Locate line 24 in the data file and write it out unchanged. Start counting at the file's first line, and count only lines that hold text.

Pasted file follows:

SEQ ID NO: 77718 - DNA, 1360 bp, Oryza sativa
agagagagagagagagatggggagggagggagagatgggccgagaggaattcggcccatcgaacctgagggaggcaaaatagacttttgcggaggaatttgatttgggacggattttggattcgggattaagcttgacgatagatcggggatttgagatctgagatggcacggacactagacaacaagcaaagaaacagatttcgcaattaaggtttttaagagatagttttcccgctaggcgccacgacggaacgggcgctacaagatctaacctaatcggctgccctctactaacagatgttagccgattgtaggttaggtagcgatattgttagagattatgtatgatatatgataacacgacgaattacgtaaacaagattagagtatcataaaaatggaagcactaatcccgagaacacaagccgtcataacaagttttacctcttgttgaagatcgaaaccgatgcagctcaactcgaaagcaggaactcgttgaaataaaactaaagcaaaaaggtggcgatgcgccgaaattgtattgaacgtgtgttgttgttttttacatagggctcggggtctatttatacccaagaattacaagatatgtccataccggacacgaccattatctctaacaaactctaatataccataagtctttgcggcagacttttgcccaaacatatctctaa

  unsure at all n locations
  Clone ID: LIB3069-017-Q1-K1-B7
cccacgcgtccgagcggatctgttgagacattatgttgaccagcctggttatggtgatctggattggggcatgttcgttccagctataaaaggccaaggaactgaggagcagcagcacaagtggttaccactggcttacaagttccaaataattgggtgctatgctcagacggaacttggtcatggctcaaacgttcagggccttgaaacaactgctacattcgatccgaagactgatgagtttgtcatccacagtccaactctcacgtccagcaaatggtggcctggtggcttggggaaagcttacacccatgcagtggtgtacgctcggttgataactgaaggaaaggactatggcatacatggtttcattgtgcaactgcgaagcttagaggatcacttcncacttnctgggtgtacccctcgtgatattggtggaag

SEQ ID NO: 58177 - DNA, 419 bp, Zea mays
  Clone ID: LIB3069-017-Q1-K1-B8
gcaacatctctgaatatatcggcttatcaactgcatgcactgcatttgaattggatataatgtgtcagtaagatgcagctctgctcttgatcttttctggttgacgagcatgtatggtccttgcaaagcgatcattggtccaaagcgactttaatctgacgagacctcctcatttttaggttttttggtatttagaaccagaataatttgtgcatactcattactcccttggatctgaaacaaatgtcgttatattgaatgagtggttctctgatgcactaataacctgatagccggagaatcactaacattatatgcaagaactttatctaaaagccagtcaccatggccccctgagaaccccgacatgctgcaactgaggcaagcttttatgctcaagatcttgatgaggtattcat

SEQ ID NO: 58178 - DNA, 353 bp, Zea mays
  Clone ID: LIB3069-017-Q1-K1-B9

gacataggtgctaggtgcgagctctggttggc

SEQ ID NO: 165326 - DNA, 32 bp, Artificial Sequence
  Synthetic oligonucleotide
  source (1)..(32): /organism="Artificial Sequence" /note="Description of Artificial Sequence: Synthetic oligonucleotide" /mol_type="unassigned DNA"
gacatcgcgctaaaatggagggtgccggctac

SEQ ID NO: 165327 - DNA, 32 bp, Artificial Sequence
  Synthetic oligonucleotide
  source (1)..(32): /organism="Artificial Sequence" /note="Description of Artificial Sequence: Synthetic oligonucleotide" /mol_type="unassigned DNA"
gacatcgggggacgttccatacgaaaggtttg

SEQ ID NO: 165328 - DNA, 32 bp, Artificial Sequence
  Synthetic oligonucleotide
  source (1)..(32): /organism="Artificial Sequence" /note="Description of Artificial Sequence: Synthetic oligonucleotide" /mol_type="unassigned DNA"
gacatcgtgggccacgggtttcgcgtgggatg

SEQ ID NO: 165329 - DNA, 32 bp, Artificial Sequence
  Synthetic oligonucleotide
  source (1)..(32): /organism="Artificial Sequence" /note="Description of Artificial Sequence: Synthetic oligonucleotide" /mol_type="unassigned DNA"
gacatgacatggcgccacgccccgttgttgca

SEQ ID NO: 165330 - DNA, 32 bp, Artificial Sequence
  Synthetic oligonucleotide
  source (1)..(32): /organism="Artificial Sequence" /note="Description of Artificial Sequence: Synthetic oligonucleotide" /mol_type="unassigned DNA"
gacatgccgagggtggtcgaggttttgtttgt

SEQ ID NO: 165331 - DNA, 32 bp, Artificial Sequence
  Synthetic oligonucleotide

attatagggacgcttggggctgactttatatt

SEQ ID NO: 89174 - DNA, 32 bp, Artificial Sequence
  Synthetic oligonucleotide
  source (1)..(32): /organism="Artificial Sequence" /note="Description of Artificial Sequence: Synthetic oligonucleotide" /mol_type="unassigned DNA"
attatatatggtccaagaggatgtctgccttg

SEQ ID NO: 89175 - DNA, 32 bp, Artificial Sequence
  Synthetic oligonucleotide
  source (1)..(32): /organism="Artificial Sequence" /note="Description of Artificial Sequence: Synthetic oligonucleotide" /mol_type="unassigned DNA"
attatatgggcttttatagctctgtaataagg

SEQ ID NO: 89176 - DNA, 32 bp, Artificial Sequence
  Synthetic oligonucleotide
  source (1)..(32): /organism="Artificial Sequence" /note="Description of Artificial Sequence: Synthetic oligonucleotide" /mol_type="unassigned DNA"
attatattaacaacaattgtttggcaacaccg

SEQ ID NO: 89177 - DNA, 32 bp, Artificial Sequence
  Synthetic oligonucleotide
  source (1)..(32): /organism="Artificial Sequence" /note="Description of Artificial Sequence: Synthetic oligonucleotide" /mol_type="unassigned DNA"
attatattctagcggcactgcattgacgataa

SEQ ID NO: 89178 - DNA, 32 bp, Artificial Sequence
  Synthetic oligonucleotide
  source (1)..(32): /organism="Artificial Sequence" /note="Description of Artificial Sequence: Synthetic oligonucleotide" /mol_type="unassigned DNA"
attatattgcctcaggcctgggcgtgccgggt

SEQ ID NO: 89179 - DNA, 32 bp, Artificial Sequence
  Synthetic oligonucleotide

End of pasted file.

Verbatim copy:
SEQ ID NO: 165329 - DNA, 32 bp, Artificial Sequence